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Friday, May 23, 2014

Who Is In Your Thoughts On Memorial Day?

Massachusetts National Cemetery on Cape Cod is pictured on Saturday, May 25, 2013, after volunteers placed flags on all of the graves, as part of Operation Flags For Vets. (Casey Ashlock/Here & Now)

Massachusetts National Cemetery on Cape Cod is pictured on Saturday, May 25, 2013, after volunteers placed flags on all of the graves, as part of Operation Flags For Vets. (Casey Ashlock/Here & Now)

Let us know who you are remembering on our Facebook page or in the comments.

Who are you remembering today? That’s the question we are asking for Memorial Day, which is the day set aside each spring to honor the men and woman killed in the nation’s wars. Here & Now’s Jeremy Hobson will have conversations on Monday’s show with two veterans who want to talk about their friends who died, one in Afghanistan, one in Iraq.

For myself and thousands of other veterans across this country, Memorial Day is every day.
– Air Force Captain Joshua Carroll

Former Air Force Captain Joshua Carroll still wears a bracelet with the name Roslyn Schulte engraved on it. She was an Air Force lieutenant who was killed by a roadside bomb in Afghanistan in 2009.

Roz, as she was known, was the first female U.S. Air Force Academy graduate to be killed in action in Iraq or Afghanistan. She was 25. For Josh, thinking about her on Memorial Day is not an isolated thing.

“For myself and thousands of other veterans across this country, Memorial Day is every day, ” he told Jeremy. “I certainly understand people wanting to partake in the festivities and cookouts, and I think in a way in the bigger picture, the people who put themselves in harms way like Roz did, they did that so we can continue on with our lives and do those things.”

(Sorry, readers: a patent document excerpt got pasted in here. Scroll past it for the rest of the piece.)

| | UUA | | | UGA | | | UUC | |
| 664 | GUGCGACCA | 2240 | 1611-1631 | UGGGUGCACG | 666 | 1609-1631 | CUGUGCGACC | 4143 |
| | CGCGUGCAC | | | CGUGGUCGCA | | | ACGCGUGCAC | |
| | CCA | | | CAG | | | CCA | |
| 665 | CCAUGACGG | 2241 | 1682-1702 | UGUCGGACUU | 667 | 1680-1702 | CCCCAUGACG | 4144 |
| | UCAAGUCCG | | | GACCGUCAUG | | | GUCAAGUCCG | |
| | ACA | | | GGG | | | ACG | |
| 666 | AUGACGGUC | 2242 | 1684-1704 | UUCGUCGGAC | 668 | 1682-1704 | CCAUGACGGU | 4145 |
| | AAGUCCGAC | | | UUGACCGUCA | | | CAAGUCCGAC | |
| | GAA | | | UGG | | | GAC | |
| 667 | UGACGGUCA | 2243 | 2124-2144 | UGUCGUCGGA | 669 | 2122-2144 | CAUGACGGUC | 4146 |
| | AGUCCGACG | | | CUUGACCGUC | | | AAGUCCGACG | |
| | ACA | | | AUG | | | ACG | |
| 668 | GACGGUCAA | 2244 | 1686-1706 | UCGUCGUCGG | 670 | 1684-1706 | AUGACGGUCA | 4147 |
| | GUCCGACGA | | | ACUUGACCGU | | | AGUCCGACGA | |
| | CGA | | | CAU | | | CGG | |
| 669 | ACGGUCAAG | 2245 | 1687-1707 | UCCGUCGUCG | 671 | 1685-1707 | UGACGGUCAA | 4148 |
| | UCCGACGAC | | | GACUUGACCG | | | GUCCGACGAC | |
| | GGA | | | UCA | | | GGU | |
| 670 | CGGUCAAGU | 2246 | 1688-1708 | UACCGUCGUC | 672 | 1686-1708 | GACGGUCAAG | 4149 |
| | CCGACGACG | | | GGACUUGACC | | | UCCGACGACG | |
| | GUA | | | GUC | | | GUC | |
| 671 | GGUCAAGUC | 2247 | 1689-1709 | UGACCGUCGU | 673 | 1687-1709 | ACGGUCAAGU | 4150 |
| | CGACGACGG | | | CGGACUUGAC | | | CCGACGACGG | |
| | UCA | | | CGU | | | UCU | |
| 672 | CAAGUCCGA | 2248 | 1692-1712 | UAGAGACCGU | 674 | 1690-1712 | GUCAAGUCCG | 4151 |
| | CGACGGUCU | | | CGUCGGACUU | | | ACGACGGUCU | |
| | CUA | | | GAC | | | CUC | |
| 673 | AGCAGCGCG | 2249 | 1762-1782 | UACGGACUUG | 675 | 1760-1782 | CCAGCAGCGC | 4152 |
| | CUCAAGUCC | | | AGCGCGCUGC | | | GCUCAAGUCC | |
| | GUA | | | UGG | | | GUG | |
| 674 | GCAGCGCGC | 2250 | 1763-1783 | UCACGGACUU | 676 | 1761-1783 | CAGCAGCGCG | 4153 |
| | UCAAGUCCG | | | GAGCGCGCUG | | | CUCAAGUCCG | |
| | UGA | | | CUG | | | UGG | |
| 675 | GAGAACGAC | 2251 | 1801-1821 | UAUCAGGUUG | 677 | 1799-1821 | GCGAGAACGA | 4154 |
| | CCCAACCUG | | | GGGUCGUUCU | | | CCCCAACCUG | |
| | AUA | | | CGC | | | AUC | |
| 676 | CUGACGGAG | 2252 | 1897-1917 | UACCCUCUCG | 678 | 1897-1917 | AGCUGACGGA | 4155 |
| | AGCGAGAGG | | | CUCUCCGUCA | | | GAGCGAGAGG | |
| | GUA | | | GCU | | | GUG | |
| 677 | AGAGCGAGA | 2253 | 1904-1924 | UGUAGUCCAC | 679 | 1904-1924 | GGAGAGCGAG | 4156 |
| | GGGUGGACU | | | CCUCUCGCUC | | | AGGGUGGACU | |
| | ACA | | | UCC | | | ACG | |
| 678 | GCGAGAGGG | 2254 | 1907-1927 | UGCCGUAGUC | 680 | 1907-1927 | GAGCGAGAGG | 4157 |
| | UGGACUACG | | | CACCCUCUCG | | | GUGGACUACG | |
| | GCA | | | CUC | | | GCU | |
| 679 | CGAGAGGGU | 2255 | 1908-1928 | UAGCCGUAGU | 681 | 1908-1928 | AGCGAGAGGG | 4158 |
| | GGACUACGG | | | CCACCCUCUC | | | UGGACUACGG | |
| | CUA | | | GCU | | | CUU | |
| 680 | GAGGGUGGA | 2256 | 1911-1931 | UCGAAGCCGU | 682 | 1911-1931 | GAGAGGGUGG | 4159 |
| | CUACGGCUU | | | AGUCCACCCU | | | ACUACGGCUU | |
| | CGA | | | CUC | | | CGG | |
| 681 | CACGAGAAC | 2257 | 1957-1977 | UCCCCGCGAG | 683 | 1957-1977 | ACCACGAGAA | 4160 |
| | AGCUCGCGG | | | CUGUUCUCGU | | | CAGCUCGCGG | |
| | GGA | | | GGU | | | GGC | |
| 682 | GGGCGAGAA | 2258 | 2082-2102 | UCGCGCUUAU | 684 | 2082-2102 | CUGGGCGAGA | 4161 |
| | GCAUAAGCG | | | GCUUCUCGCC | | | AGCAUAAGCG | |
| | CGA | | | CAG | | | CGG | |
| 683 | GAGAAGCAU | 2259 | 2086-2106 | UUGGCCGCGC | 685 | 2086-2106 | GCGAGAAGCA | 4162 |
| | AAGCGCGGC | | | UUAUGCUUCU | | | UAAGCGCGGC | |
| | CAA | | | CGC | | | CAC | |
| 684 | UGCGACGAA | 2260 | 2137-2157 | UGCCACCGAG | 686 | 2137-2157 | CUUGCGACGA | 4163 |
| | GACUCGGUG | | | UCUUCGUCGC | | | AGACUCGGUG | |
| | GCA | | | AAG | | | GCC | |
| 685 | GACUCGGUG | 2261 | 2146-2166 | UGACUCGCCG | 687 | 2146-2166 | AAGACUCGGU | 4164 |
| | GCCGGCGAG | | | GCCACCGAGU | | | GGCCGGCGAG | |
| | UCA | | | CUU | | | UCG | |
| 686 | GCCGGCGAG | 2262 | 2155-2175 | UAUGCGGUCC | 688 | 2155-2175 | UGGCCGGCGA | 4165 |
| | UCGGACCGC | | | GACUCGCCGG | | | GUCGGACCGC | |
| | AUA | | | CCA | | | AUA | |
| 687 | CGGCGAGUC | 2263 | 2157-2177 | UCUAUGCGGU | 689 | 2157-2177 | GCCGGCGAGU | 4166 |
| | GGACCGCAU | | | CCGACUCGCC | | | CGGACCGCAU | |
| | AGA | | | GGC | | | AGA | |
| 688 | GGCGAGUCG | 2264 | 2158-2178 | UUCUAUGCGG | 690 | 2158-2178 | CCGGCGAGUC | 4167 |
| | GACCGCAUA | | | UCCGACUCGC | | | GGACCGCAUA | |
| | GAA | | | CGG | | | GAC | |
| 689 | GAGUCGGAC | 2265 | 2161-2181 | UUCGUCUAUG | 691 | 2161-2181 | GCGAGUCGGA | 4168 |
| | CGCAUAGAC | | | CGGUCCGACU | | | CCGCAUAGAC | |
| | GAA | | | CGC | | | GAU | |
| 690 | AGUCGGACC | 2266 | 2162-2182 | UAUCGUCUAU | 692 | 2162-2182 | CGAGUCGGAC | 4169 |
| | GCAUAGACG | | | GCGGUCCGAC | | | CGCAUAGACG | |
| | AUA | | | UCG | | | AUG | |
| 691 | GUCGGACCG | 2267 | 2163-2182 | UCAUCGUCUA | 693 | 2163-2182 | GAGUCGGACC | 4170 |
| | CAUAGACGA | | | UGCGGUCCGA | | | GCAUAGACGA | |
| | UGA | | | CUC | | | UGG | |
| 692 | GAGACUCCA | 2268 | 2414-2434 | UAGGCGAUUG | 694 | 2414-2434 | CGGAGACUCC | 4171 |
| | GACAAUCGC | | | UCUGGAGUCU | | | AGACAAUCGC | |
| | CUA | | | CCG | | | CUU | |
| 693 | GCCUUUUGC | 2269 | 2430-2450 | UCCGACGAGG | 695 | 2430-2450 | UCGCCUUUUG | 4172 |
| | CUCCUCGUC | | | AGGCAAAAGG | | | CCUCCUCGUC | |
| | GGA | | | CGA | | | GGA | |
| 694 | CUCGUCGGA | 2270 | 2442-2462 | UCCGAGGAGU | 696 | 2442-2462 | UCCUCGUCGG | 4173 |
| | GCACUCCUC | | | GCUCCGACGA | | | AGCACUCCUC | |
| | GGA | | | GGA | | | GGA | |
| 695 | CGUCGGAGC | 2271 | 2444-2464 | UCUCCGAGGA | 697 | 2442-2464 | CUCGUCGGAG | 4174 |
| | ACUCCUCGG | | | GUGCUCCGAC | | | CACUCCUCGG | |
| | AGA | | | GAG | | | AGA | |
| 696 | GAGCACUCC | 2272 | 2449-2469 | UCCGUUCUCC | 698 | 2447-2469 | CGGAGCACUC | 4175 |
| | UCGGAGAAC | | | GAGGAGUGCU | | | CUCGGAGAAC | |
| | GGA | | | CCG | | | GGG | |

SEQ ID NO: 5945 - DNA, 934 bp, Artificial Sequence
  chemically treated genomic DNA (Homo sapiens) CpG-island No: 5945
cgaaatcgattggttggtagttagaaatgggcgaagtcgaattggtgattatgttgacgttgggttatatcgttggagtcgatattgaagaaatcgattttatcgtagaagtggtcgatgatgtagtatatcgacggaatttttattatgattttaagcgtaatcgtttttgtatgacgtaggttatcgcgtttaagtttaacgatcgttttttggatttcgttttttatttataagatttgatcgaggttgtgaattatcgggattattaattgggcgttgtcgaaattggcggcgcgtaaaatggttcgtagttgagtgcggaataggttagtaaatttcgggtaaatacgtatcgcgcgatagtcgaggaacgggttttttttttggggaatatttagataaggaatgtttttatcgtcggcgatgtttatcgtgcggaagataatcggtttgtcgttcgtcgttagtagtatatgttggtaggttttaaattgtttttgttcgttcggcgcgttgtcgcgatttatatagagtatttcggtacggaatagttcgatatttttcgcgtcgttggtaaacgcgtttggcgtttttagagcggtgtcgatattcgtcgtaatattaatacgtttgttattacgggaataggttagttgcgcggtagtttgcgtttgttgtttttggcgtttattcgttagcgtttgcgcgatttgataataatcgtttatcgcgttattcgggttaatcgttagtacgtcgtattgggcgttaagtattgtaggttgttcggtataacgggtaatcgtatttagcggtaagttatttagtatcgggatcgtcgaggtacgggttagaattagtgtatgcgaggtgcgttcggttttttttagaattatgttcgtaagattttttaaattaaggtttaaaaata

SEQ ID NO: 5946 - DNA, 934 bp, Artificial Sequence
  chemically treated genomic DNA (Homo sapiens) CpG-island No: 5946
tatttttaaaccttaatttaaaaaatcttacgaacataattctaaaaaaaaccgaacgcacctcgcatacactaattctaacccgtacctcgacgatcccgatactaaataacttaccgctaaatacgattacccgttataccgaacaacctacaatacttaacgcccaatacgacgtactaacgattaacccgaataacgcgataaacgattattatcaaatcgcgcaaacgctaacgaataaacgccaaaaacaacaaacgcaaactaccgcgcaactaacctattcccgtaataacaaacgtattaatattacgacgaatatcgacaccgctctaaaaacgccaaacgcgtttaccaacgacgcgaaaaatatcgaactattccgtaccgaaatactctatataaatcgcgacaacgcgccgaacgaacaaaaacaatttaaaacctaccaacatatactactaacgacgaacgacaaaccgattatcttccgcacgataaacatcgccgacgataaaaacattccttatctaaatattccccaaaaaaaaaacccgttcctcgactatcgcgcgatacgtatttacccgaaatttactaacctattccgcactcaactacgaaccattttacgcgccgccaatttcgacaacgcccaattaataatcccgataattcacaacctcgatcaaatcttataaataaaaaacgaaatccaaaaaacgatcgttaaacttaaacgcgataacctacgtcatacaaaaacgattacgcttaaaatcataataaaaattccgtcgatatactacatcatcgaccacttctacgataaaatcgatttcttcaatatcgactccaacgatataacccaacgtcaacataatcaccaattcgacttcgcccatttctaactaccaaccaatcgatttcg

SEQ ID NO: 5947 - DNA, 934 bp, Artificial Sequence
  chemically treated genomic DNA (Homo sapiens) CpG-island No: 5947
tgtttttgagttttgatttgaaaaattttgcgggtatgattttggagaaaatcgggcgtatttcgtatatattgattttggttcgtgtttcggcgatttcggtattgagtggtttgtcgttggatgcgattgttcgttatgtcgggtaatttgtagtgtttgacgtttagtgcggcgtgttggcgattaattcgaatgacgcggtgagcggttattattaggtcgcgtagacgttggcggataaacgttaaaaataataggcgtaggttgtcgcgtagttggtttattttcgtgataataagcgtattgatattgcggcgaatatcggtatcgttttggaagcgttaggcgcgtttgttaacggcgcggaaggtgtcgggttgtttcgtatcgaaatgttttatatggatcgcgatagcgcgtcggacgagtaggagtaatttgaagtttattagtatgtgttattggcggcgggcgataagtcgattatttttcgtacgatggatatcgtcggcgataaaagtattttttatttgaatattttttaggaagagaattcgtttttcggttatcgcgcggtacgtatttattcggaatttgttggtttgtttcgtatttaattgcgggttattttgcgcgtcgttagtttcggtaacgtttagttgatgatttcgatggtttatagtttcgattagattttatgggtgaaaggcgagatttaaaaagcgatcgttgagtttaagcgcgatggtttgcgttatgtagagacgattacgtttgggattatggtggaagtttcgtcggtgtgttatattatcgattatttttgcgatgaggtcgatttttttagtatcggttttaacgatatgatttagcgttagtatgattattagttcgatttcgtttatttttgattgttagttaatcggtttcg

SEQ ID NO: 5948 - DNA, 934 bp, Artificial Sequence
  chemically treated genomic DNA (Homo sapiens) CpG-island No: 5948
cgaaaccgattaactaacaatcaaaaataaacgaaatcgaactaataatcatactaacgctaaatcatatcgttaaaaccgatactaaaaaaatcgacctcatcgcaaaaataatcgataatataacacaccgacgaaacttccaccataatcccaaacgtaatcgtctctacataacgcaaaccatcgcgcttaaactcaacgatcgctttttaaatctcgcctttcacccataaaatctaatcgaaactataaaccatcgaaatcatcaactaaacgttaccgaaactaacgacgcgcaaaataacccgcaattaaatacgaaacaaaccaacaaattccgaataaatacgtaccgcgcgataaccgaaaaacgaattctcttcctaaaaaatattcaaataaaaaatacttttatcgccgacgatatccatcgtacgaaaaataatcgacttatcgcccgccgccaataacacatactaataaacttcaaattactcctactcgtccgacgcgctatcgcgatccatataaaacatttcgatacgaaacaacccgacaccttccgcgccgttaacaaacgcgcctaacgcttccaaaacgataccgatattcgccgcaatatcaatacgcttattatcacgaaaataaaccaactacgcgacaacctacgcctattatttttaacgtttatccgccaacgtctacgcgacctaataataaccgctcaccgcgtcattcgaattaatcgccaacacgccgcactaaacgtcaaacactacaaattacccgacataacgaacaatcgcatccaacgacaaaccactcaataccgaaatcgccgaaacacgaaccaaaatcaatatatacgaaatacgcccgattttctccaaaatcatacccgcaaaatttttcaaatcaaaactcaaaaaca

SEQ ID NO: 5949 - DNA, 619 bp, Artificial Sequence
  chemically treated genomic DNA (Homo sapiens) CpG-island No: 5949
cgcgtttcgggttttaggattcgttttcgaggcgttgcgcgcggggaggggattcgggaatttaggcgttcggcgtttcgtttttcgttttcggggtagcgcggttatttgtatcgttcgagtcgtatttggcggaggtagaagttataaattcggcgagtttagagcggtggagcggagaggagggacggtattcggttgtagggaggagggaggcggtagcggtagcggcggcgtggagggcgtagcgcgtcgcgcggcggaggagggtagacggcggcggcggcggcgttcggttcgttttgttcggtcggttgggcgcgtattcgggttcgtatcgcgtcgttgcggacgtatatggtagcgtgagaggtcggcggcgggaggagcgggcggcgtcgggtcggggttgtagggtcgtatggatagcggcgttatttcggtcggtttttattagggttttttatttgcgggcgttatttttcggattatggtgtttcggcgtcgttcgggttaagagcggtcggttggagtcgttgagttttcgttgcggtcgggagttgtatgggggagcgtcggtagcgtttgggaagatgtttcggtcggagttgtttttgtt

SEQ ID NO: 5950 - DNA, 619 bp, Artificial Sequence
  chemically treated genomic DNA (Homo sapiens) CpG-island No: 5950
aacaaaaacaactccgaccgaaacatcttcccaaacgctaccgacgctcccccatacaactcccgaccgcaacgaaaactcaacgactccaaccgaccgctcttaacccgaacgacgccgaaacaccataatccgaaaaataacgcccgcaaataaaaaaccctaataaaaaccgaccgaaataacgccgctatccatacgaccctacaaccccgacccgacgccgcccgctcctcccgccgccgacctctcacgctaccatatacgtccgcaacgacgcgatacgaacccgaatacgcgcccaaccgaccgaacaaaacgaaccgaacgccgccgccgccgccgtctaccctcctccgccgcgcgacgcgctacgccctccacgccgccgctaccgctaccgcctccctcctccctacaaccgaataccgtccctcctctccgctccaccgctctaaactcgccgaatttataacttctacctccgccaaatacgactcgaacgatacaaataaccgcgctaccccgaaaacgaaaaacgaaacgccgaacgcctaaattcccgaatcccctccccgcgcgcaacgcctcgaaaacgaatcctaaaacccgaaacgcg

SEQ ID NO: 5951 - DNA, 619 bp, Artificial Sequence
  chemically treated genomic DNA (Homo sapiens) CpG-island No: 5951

Andrew Slater served three tours of duty in Iraq as an Army officer. His best friend Army Captain Ben Tiffner deployed there on his second tour in 2007 just before Andrew did.

“I thought I was just going to see him again,” Andrew said. But that never happened. Captain Tiffner was killed just two weeks after he arrived in Iraq. “He was crossing a bridge when his truck was struck by a bomb. I believe he was killed instantly.” Benjamin Tiffner was 31. He’s buried at Arlington National Cemetery.

Roslyn Schulte and Ben Tiffner are just two of the hundreds of thousands of Americans killed in action. Let us know who you are remembering on our Facebook page or in the comments.

Transcript

JEREMY HOBSON, HOST:

As we head into the holiday weekend, let's talk about the holiday itself, Memorial Day. It is a day for remembering the men and women killed in the nation's wars. Former Air Force Captain Joshua Carroll's friend, Air Force lieutenant Roslyn Schulte was killed by a roadside bomb while serving in Afghanistan in 2009. Josh tells us he will be thinking about her on Monday.

JOSHUA CARROLL: I certainly understand people wanting to partake in the festivities and the cookouts. And I think, in a way, in a bigger picture, the people who put themselves in harm's way, like Roz did, they did that so that we can kind of continue on with our lives and do those things.

HOBSON: Andrew Slater put himself in harm's way. He survived three tours of duty in Iraq as an army officer. His best friend, Army Captain Benjamin Tiffner did not. Ben was killed by a roadside bomb in 2007, just two weeks into his second tour.

ANDREW SLATER: Ben was the kind of officer that made other officers feel very guilty, 'cause he was so focused, he was so dedicated. He was a quiet professional. And he took care of his soldiers. His guys loved him.

HOBSON: So tell us who you will be remembering on Memorial Day. You can let us know at our Facebook page, facebook.com/hereandnowradio or you can go to our website, hereandnow.org.

This is HERE AND NOW. Transcript provided by NPR, Copyright NPR.


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Robin and Jeremy

Robin Young and Jeremy Hobson host Here & Now, a live two-hour production of NPR and WBUR Boston.

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